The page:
TOKYO -- Sanrio, the company behind Hello Kitty, now sees group net profit falling during the fiscal year ending in March for a third straight annual decline amid a drop in sales at bricks-and-mortar stores as more consumers opt to shop online.
The Japanese company lowered its net profit forecast Tuesday to 4.8 billion yen ($42.6 million), representing a 26% decrease from fiscal 2016. Sanrio had projected a 20% rise to 7.8 billion yen. Sales now are expected to dip 4% to 60.3 billion yen, a downgrade from the previously forecast 5% rise.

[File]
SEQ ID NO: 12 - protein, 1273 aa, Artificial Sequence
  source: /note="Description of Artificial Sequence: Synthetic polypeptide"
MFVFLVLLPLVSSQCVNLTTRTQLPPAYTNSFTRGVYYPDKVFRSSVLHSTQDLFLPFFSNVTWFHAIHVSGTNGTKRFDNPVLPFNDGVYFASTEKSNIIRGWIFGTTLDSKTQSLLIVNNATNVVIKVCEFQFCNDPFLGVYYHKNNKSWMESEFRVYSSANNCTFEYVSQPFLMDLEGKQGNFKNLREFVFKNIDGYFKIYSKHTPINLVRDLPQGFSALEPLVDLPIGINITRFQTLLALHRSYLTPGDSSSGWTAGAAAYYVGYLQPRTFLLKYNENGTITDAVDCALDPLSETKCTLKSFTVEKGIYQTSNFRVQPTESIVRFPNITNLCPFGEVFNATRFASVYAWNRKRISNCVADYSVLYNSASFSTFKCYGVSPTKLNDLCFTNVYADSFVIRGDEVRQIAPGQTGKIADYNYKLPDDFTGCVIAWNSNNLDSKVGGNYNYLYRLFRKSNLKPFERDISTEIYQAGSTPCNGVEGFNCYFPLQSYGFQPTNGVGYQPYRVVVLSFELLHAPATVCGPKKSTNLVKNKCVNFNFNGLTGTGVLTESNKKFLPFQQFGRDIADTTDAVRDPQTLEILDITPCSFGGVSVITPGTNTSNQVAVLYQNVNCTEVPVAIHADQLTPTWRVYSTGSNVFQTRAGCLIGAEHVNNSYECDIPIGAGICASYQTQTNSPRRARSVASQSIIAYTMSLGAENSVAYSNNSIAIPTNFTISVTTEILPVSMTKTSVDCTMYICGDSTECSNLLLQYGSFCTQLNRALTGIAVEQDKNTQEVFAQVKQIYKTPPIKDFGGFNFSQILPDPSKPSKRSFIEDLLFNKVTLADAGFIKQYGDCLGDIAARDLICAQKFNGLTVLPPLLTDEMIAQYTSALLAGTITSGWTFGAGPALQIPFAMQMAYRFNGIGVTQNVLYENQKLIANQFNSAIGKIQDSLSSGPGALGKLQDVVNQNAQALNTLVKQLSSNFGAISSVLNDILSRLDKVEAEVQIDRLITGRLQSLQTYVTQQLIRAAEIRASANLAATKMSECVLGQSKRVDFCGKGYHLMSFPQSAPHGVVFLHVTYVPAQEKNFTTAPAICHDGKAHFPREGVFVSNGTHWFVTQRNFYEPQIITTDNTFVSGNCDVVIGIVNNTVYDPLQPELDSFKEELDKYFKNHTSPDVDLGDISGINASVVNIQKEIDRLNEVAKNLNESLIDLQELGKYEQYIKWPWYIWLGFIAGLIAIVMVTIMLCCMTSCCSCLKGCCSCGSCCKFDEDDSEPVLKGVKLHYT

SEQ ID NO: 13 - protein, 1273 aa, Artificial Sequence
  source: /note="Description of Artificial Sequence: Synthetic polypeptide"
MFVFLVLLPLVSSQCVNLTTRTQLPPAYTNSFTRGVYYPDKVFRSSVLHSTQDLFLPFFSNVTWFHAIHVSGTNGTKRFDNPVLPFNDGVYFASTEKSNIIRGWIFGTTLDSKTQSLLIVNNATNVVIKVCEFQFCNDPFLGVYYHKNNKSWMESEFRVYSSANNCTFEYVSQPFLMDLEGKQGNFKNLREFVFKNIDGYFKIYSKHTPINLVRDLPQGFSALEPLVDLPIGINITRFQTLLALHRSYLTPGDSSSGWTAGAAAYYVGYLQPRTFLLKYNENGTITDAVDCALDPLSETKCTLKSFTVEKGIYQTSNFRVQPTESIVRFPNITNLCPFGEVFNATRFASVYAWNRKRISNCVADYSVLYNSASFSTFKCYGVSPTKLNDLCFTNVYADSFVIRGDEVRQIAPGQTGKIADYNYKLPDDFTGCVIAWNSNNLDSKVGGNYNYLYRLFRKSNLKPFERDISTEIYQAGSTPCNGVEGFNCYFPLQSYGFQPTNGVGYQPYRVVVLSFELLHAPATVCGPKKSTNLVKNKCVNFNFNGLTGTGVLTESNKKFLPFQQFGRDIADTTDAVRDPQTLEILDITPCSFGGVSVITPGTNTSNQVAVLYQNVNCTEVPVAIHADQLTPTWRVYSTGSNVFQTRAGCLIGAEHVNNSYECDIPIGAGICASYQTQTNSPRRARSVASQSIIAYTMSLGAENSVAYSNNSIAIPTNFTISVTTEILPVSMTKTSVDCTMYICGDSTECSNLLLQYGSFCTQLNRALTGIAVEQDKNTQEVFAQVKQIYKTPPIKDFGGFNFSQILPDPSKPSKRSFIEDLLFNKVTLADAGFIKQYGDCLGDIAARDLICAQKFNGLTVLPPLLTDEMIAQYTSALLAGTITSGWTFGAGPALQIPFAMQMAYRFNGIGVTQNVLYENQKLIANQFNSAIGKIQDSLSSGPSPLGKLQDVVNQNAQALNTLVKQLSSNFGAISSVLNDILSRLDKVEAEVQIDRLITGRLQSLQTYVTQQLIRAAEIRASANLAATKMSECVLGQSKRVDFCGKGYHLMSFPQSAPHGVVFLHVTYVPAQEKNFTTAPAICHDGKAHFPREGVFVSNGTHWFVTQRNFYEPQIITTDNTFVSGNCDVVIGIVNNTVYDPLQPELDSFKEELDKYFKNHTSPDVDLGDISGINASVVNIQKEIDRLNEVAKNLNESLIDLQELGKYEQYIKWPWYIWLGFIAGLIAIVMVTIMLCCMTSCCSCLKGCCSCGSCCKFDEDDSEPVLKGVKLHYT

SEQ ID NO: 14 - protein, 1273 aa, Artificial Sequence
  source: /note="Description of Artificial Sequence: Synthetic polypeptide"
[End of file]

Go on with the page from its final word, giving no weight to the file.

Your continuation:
Sanrio also cut its fiscal 2017 dividend projection to 55 yen per share, down 25 yen from fiscal 2016.
The company faces a slump domestically at its stores outside major urban centers, as well as sluggish demand from big-box retailers carrying its goods. U.S. operations have seen fewer orders from licensees, hurt by a business climate that has forced Toys R Us to file Chapter 11 bankruptcy protection and depressed sales at Wal-Mart Stores.
Though Sanrio operates its own online store, domestic e-retail accounts for a mere 2% or so of total sales. Drastic measures to bolster digital operations will be needed to get the company back on track toward growth. Investors will watch for such steps in the new medium-term business plan due out next spring.